Today, the game publisher Epic lowered the price of all purchases in the app for smash hit Fortnite, loses the fees for V-Bucks in the game currency by 20%. The drop applies to all platforms, PC, PS4, Xbox One and Switch. This also applies to the iPhone and Android version of the game … but only if you use the new option to pay Epic directly.
Those who buy Fortnite V-Bucks with the standard payment system App Store and Play Store still pay the old price. Epic announced the price drop on its blog and pointed out under no uncertain terms that Apple and Google̵7;s standard 30% revenue cut is to blame for the extra costs when using the established systems. (The blog post is also written so that the technology and gaming press would write this exact article, I guess.) “If Apple or Google reduce their payment fees in the future, Epic will go with the savings for you,” says the blog post.
Epic has long had a chip on its shoulder over revenue sharing in mobile apps. Although Fortnite Released for iOS without much hassle, Epic ran on Android for more than a year, hosted its own APK file and asked gamers to download it as an old-fashioned PC game. Eventually, Epic gave in and released the game in the Play Store as well, realizing that some of the money is better than none of the money.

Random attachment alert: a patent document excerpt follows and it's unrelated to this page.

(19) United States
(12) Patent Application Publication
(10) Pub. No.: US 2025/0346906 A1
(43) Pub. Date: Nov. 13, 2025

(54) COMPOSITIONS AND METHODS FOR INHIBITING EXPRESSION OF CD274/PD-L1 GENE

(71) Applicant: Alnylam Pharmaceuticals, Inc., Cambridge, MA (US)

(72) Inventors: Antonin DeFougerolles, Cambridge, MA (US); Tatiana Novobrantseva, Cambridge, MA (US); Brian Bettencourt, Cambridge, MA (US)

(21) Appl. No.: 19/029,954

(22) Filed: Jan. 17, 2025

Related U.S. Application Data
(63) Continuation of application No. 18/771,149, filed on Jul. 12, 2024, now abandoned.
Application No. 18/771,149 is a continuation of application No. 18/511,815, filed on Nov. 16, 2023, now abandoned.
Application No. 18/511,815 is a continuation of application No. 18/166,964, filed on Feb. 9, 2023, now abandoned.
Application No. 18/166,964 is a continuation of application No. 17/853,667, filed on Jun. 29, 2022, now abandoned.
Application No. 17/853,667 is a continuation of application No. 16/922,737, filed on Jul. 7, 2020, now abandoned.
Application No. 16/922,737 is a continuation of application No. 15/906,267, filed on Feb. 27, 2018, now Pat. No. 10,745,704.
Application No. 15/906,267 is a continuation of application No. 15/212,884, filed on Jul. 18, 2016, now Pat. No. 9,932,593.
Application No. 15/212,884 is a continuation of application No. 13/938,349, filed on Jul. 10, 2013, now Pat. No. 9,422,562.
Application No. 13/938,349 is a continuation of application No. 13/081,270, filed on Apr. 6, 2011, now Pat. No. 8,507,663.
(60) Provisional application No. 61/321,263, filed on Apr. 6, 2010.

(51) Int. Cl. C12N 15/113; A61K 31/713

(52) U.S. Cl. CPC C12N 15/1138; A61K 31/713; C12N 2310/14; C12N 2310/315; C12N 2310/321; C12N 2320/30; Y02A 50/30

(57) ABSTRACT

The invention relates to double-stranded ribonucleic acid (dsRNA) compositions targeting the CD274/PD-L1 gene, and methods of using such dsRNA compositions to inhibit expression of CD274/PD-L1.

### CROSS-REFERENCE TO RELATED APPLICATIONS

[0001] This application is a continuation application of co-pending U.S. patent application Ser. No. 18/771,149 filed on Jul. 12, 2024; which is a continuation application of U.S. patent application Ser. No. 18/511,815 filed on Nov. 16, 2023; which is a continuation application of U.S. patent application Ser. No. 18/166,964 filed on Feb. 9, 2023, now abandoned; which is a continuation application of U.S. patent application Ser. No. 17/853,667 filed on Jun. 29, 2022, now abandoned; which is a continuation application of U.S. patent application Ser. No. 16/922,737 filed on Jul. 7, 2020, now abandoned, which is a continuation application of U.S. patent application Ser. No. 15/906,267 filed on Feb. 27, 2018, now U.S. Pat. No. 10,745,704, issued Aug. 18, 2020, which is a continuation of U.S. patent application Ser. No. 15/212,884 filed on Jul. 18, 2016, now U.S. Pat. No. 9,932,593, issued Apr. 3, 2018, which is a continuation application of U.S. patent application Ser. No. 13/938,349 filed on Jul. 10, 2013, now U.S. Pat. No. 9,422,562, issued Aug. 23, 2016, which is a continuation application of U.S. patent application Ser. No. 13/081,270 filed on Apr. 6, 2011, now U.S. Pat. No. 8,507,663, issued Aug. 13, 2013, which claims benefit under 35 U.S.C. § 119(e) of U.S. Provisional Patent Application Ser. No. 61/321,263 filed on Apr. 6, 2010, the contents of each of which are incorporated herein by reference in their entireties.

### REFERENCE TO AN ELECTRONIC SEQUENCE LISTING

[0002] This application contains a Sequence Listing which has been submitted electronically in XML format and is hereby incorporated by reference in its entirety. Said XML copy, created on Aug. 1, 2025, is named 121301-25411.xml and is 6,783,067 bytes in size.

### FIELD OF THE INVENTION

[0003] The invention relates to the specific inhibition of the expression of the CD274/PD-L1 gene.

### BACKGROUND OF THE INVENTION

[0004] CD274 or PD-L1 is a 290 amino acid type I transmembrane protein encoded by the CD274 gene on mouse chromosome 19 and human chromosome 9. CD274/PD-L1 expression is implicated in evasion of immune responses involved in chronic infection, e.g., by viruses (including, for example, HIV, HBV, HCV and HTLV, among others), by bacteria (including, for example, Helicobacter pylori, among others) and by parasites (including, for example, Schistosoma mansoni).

Epic dares Apple and Google to do it, to know that Fortnite is the most played game on the planet right now. Trying to frame this as “Apple / Google banned my favorite game because it lowered prices” is pretty knowledgeable when it comes to marketing, but Epic plays chicken with two of the world’s largest technology companies. Epic hopes they will make an exception and make a better split for Fortnite than for all other apps and games. But it seems equally likely that Apple and Google will set an example Fortnite as a warning to other publishers not to follow in Epic’s footsteps.
It is also a bit unclear. In addition to Epic still certainly paying fees for these reduced prices on Xbox, PS4 and Switch, Epic is known for its own game store on the PC, which allows third parties to sell on its platform just like the App Store and Play Store. Epic boasts that the split is much lower than competitors like Steam, but it’s a competitive move for a younger platform, and Epic is still very responsible.
I can imagine that if, for example, fellow huge game publisher 2K demanded that it be allowed to violate the terms of service in the Epic Store and pay only half of its current sales fee for each game, Epic would not exactly stumble upon itself to force.
Source: Epic via The Verge